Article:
A few years ago, something happened that gave me a whole new approach to my writing.
An old boyfriend sent me an email through Classmates.com. No, I never replied. I’m a happily married woman. But it got me wondering: what if I had been a different person, if I hadn’t been so happy? What if I had made bad choices along the road that left me alone and desperate? What if I suddenly heard through the grapevine about that long lost love?
I wrote my first story on this idea, a piece called “Vicki, Existentially,” about a woman who regrets breaking up with her now-successful former lover and foolishly goes to his house while drunk one night.
I was pleased with the story, but I still felt like there was more to write. Somehow, things felt undone.
Before long, I found myself wondering how I would have felt if I were a moderately happy woman who loved her husband, but perhaps missed that special connection she and her former lover shared. Perhaps she missed it to the point that she felt compelled to meet with the former lover, in spite of their rocky past.
That one became “Now and Then,” a story about Liz, a woman in her forties who was shocked to find herself meeting her former lover, David, for drinks.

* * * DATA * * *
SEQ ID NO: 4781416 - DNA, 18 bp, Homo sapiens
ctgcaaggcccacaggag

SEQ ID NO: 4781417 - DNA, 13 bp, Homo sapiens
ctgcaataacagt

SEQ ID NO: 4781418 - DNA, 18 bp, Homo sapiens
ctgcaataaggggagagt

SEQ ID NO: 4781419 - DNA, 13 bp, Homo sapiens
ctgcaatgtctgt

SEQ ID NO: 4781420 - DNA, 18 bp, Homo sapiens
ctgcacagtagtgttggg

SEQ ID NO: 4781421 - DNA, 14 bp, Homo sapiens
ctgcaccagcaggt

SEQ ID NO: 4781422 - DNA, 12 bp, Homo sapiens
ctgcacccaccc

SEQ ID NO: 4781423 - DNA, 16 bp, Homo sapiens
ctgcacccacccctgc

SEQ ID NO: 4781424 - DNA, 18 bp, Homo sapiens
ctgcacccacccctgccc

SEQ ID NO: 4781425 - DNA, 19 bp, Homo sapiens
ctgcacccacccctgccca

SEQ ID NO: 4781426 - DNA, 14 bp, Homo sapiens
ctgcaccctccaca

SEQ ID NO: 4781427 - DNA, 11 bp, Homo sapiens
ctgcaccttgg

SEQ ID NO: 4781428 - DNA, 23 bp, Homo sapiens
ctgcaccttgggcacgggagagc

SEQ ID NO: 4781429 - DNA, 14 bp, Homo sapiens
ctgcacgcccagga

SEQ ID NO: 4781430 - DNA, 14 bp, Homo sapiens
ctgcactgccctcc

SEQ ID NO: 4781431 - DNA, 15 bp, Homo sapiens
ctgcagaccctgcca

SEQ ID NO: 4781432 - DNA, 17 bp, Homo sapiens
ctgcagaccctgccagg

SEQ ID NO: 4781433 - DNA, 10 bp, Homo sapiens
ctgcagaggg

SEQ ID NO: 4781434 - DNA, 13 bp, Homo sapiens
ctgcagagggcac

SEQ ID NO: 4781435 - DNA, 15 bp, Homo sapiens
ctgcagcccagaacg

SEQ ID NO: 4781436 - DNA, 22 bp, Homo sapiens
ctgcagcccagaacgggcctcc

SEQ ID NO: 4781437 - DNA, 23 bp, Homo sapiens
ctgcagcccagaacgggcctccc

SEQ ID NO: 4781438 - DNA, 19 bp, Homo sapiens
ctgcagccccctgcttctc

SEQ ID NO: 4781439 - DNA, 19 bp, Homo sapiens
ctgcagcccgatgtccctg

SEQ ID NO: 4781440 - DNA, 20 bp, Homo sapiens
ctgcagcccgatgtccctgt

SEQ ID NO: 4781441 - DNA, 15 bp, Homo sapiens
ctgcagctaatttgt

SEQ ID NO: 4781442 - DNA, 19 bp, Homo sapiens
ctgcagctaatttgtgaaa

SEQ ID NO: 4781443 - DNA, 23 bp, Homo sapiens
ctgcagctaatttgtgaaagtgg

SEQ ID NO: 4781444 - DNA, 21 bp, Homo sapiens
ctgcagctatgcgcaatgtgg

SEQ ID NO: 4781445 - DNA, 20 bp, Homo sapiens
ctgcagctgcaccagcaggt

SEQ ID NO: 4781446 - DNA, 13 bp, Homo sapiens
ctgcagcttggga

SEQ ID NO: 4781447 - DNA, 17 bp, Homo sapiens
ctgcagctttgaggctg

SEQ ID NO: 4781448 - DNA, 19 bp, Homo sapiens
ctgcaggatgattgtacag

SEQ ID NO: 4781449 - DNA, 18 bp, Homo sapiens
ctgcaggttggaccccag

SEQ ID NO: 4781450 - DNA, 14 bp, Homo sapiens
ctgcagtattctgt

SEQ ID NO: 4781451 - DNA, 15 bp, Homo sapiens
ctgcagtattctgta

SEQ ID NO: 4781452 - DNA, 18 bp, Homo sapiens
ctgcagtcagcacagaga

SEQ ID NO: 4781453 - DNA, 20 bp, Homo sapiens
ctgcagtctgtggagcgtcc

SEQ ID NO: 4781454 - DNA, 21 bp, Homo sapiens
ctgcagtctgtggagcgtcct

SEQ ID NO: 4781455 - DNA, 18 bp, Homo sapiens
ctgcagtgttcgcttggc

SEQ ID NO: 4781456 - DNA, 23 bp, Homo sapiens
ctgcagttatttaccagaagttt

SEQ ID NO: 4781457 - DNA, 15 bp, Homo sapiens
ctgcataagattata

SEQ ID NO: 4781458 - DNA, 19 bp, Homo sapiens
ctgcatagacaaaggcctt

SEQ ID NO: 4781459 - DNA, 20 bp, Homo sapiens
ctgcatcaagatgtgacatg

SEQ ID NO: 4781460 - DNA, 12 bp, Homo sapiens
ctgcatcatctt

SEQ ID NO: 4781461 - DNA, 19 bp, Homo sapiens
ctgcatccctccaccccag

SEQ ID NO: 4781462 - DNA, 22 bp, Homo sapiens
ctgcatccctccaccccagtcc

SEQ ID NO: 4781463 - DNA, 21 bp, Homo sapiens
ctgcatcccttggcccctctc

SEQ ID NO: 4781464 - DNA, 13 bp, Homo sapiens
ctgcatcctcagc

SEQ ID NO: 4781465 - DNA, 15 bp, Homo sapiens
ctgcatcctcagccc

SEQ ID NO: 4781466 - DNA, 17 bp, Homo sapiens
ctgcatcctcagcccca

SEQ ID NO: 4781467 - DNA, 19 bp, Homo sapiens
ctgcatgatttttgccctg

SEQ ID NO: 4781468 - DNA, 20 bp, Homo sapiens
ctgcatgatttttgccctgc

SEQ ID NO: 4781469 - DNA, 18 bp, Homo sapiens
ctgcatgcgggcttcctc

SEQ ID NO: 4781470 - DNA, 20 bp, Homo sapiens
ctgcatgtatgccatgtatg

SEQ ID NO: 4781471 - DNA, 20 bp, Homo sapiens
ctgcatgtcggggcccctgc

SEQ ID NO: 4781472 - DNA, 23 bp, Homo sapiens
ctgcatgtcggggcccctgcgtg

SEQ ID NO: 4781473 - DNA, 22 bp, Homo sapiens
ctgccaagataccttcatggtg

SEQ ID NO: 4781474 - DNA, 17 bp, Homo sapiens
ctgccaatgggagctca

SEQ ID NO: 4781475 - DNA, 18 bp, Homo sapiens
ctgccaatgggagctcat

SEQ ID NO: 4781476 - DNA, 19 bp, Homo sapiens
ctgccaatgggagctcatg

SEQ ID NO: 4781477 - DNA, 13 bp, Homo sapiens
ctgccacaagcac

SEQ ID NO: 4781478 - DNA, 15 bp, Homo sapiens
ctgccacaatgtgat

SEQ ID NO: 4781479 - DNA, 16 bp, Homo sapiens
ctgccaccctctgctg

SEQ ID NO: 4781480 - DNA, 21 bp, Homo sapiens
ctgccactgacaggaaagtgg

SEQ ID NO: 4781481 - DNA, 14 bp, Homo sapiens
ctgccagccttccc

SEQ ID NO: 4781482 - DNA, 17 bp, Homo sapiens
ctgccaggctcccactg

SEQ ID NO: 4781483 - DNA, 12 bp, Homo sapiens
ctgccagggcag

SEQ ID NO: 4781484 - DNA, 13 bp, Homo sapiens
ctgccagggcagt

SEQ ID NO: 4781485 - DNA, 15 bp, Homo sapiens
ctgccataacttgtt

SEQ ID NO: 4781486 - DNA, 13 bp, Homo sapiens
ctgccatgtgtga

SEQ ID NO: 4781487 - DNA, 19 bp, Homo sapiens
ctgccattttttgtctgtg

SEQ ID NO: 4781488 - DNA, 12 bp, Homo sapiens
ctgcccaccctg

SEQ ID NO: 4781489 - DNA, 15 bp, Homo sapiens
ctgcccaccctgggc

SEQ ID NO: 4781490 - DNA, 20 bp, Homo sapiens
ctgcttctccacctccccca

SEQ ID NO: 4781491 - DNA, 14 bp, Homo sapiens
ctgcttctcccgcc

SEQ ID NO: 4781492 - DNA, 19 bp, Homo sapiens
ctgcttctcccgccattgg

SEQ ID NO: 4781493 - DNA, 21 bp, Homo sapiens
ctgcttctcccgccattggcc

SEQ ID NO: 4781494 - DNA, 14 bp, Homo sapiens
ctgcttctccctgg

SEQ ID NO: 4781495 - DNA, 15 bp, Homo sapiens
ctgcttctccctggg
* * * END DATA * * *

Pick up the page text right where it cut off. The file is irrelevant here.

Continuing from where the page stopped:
But I still wasn’t done.
I started wondering what would happen if a content, married woman was suddenly confronted with the memory of her former lover.
“The Wayside” was born, a story about a woman coping with mixed emotions when she discovers that a place significant to her former relationship has been closed.
Three stories, all of them different. And guess what—I still don’t feel like I’m done.
I'm sure this parade of stories about women reflecting on past relationships has my writing buddies wondering: is my marriage in shambles? Is my husband a jerk? I can’t blame them for wondering. I keep circling this subject like a Hot Wheel whizzing around a plastic track. But I can’t help myself. I’ve tripped across this fascinating new writing kick, a way to reexamine things by making small, but significant changes that end up changing the story completely. I call it Variations on a Theme.
This concept works on so many levels. Rewriting the same story with a different form—say, a long short story condensed down into a micro flash. I’ve even found myself writing short pieces about secondary characters in my novels, just trying to get a new view of who they really are. The possibilities are endless. Similar stories look completely different when they’re seen through a different lens.
So I challenge you: revisit a story and tell it in a brand new way. Switch up viewpoint. Change tense. Give your character a whole new fatal flaw. I think you’ll be amazed where those differences will lead you.
Change is Good--Right? - Hello dear readers--are you still out there? It's been awhile, and I wouldn't blame you for moving on. I felt the need for change, and have spent some tim...
8 months ago